Back in 1847, Jane Eyre taught aspiring young governesses to always check the attic, in case your beloved’s insane “dead” first wife just might be living there. (Alina Adams)
Fiennes is the emotionally damaged, furrow-browed hunk, in a tradition that goes back to Brontës. (Dave Kehr)The same newspaper also republishes a 1940 review of the film adaptation of Rebecca.
David O. Selznick has given this well-read story the high production values that he showered on his famous production “Gone With The Wind.” Nothing, apparently, was left undone to enhance the entertainment qualities of the melodrama. Something of the wild romantic quality of “Wuthering Heights” and the mystery of “Jane Eyre” pervade “Rebecca.” (Kate Cameron)Unfortunately, this movie talk leads us to Fifty Shades of Grey. According to Flagpole,
Fifty Shades of Grey is not the abysmal train wreck assumed by the pre-movie buzz regarding the leads’ dislike for one another. Merle Oberon and Laurence Olivier hated each other (legend has it Oberon ate garlic prior to filming the climactic kiss on the moors), and Wuthering Heights worked out all right. I am not comparing Dakota Johnson and Jamie Dornan to Oberon and Olivier or E.L. James’ BDSM bestseller to Emily Brontë’s classic of English-Gothic romanticism. (Drew Wheeler)And according to The Cavalier Daily,
“Fifty Shades of Grey” allows us not only to be saved, but also to be the savior, restoring our hope in happy endings. We see the same formula in “Twilight” but also “Pride and Prejudice” and “Jane Eyre.” It is a theme that has extended across time and cultures — and while “Fifty Shades” may have a heavy dose of eroticism, the storyline plays along similar lines. To be loved is our ultimate wish. (Peyton Williams)The Star Democrat recalls that
[Lucille] Fletcher adapted the first part of the Emily Brontë novel “Wuthering Heights” into a libretto for Herrmann's opera of the same name.Seattle Weekly reviews the play The Explorers Club:
Under the direction of Karen Lund, this even ensemble expertly executes goofy gags, even if the blocking is often problematic. Strikingly silly is their spontaneously singing a snippet from H.M.S. Pinafore. Lass’ stainless performance couples the spiritedness of Jane Eyre and the accomplishment of Margaret Mead. (Alyssa Dyksterhouse)The Warrington Guardian sums up a recent meeting at a local Women's Institute where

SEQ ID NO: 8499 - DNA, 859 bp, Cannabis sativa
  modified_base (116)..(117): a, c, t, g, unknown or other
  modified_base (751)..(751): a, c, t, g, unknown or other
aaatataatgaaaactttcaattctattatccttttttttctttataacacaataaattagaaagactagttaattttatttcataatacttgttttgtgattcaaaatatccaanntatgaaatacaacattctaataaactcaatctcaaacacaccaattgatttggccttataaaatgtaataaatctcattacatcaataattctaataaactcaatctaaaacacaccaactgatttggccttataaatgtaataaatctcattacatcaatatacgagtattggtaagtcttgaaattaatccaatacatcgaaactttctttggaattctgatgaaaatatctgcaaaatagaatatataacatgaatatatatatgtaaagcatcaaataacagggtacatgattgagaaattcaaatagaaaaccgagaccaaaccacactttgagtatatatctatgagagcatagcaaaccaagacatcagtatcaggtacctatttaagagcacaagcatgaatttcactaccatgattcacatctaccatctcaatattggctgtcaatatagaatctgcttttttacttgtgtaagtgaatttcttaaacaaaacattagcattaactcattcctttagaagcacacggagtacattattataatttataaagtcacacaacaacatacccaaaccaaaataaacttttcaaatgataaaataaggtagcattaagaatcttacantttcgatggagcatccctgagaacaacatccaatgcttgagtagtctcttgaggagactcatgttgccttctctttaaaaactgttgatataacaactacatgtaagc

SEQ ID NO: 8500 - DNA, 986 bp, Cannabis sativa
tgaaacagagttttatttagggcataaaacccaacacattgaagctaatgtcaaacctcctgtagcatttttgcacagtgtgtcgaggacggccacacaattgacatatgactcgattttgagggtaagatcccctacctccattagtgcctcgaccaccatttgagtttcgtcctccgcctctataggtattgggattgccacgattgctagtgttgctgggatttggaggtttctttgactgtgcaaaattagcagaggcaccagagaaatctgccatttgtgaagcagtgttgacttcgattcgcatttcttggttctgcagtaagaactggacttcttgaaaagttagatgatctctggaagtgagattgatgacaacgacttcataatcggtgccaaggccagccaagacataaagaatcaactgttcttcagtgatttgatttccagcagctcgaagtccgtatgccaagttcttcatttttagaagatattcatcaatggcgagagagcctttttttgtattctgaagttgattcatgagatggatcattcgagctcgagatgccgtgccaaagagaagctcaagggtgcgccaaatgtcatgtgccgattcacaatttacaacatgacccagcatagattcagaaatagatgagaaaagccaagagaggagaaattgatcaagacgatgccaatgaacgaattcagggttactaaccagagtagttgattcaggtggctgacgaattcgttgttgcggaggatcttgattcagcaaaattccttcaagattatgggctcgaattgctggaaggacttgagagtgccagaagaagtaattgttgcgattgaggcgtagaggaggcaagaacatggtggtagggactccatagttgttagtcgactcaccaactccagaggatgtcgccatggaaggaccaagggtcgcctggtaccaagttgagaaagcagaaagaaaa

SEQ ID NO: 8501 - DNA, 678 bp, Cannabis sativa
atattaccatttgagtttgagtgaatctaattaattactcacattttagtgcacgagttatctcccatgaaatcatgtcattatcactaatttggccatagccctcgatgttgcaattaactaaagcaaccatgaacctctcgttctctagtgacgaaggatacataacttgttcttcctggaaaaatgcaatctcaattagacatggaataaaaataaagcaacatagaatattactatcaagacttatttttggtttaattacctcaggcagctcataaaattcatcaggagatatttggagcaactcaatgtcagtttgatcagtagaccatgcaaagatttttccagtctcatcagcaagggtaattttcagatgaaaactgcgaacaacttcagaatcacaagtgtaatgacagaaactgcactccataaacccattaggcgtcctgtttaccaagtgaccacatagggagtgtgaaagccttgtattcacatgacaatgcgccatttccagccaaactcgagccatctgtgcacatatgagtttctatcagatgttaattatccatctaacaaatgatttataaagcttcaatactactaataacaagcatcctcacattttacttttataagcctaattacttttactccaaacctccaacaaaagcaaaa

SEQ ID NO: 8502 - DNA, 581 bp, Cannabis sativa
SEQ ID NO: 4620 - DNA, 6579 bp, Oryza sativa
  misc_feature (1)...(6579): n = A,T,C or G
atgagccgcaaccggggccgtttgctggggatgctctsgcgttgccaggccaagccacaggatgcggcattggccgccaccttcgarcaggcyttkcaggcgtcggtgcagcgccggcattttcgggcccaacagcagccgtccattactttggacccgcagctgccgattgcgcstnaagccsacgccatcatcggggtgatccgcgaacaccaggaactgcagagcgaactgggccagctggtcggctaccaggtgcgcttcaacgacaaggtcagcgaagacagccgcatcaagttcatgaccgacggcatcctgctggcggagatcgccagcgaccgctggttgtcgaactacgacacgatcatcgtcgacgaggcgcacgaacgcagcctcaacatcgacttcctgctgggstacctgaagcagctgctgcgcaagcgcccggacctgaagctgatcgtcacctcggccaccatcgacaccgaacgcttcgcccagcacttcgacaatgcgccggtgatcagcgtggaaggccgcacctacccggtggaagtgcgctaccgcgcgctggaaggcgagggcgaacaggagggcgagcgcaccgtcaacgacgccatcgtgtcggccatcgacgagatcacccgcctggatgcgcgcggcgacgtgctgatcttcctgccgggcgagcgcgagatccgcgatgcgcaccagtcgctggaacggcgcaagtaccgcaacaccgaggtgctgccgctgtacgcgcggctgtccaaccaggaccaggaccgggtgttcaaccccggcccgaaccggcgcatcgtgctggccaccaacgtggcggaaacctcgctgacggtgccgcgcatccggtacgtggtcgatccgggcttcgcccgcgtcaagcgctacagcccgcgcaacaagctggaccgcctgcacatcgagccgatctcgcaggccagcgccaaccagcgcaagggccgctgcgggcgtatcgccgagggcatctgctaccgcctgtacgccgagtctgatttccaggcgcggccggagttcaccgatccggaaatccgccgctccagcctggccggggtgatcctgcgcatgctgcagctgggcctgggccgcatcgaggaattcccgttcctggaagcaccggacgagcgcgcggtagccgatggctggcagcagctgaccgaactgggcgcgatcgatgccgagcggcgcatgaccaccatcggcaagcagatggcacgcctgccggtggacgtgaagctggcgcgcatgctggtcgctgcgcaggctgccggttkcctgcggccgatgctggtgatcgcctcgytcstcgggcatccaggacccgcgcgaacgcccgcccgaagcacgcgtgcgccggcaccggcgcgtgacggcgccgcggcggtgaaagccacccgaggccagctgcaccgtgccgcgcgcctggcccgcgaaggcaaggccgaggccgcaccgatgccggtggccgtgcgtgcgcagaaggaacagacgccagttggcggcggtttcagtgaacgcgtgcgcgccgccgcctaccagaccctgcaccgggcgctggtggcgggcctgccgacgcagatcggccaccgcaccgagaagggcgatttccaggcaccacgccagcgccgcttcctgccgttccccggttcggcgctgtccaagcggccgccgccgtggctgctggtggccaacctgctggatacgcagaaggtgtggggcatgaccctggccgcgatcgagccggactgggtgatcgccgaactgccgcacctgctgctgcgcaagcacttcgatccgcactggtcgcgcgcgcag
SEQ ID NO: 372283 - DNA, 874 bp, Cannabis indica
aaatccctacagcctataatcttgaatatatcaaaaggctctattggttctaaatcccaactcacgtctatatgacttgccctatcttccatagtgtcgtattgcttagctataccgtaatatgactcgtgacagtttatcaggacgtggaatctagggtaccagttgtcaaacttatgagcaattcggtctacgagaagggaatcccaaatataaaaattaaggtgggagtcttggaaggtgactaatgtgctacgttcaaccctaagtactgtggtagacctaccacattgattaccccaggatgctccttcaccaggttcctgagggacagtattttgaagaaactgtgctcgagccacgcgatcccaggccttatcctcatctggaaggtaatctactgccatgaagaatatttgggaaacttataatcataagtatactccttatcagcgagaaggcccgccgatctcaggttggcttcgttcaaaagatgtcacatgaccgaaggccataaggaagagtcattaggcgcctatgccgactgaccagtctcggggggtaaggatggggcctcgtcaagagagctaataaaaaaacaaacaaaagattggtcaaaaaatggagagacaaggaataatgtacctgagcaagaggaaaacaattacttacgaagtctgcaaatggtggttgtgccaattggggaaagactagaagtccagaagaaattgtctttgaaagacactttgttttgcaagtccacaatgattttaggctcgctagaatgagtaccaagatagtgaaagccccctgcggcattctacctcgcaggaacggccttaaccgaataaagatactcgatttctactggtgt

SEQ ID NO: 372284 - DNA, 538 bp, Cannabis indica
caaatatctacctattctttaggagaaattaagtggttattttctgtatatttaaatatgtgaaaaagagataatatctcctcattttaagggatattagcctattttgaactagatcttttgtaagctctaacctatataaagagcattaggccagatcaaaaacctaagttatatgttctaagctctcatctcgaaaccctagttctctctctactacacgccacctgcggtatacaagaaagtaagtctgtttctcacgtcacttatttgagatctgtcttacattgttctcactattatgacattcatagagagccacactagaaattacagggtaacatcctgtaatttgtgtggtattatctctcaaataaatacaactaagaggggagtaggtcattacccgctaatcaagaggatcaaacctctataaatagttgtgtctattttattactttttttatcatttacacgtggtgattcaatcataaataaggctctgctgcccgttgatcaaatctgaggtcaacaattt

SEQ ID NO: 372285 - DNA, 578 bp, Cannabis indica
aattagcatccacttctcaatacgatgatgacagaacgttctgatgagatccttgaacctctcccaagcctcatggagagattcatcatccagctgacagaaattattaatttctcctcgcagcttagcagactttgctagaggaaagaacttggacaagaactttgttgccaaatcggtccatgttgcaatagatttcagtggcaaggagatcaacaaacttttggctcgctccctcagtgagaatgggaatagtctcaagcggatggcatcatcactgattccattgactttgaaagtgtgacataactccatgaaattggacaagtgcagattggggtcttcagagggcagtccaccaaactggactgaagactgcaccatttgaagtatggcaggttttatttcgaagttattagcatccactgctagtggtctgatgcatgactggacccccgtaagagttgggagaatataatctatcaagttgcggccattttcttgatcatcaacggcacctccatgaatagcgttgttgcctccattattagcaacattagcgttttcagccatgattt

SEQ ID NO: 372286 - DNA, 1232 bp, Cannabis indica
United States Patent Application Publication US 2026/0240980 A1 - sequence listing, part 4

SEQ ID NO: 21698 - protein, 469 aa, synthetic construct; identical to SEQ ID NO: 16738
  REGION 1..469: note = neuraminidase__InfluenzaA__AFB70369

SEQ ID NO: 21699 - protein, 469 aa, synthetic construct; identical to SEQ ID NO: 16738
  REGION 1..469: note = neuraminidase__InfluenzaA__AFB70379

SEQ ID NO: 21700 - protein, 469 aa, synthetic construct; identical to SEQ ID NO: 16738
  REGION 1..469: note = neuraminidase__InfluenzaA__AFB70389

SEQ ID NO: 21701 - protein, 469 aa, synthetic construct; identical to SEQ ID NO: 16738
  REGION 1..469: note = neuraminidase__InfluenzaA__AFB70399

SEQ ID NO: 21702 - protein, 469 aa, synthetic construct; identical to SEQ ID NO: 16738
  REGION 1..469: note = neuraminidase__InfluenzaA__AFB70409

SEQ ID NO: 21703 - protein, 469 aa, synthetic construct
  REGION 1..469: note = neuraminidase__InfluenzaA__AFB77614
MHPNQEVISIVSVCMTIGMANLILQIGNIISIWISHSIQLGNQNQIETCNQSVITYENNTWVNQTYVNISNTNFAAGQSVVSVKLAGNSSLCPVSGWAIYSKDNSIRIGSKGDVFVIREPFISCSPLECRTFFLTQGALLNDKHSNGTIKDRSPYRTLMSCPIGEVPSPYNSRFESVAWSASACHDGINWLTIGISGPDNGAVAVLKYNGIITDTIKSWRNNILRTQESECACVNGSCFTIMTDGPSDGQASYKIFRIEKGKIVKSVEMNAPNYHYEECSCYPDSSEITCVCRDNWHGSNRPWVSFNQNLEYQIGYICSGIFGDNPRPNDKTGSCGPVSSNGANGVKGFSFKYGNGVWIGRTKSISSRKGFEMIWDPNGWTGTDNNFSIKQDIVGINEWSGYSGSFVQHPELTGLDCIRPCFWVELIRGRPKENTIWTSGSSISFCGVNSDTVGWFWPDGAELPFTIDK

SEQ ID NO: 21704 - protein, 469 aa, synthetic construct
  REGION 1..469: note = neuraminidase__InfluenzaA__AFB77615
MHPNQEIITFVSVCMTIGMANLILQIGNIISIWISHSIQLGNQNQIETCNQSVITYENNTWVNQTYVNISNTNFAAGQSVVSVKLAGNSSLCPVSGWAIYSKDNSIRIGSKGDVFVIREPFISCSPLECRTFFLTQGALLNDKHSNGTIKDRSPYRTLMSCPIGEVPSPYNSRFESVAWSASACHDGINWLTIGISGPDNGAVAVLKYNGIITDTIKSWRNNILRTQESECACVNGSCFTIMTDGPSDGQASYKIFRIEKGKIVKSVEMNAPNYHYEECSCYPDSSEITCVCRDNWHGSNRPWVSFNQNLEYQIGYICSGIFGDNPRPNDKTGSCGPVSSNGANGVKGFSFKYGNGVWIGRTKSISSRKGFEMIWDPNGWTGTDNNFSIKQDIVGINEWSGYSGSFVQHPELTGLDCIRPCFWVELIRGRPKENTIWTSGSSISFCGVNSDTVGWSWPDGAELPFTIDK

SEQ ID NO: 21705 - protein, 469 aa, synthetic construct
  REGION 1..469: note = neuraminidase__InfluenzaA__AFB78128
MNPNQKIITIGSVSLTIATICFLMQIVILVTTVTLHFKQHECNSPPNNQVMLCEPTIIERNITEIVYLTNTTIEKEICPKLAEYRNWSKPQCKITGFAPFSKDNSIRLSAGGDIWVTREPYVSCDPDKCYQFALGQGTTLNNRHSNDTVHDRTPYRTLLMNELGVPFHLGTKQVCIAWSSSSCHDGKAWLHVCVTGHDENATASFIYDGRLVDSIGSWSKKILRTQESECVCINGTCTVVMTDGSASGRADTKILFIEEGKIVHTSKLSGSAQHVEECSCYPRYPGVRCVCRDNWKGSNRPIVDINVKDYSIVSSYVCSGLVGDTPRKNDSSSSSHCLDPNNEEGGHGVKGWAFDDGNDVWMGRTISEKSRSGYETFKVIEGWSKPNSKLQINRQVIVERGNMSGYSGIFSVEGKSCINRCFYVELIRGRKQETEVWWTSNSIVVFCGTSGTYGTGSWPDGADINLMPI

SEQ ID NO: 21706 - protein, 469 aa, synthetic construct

After tea we were transported back to the private lives of Charlotte Brontë and Jane Austen.The Atlantic looks into why 'some people feel nauseous on cars, boats, buses, and carnival rides, while others don't' so that
Elizabeth Williams gave us an insight into how the loves of these great women had shaped the characters of Edward Rochester and Mr Darcy in their novels, Jane Eyre and Pride and Prejudice.
If two people are reading in a car, one person might spew all over his copy of Jane Eyre, while the other’s stomach stays stable enough for her to find out Mr. Rochester’s been keeping Bertha in the attic. Both people, theoretically, are experiencing the same mismatch between visual input and inner ear sensation, and the same confusion between motion and muscle movement. But some people can read in the car, and some can’t. Further complicating things, some people get car/bus/plane-sick when they’re young, and then get better with age. (Julie Beck)The Washington Post discusses Alex Rodriguez's handwritten apology:
It wouldn’t be enough for Alex Rodriguez to say he’s sorry in person, or even to take that well-worn path for celebrities and trot out a statement through a team of publicists. This had to be in his own hand, in cursive, as if he were Heathcliff and the fans his Catherine. Forget that nearly no one communicates this way anymore (and lament that if you will). A hand-written note would seem more genuine, more heartfelt, more personal. (Barry Svrluga)Two Teens in Morocco posts about Wuthering Heights.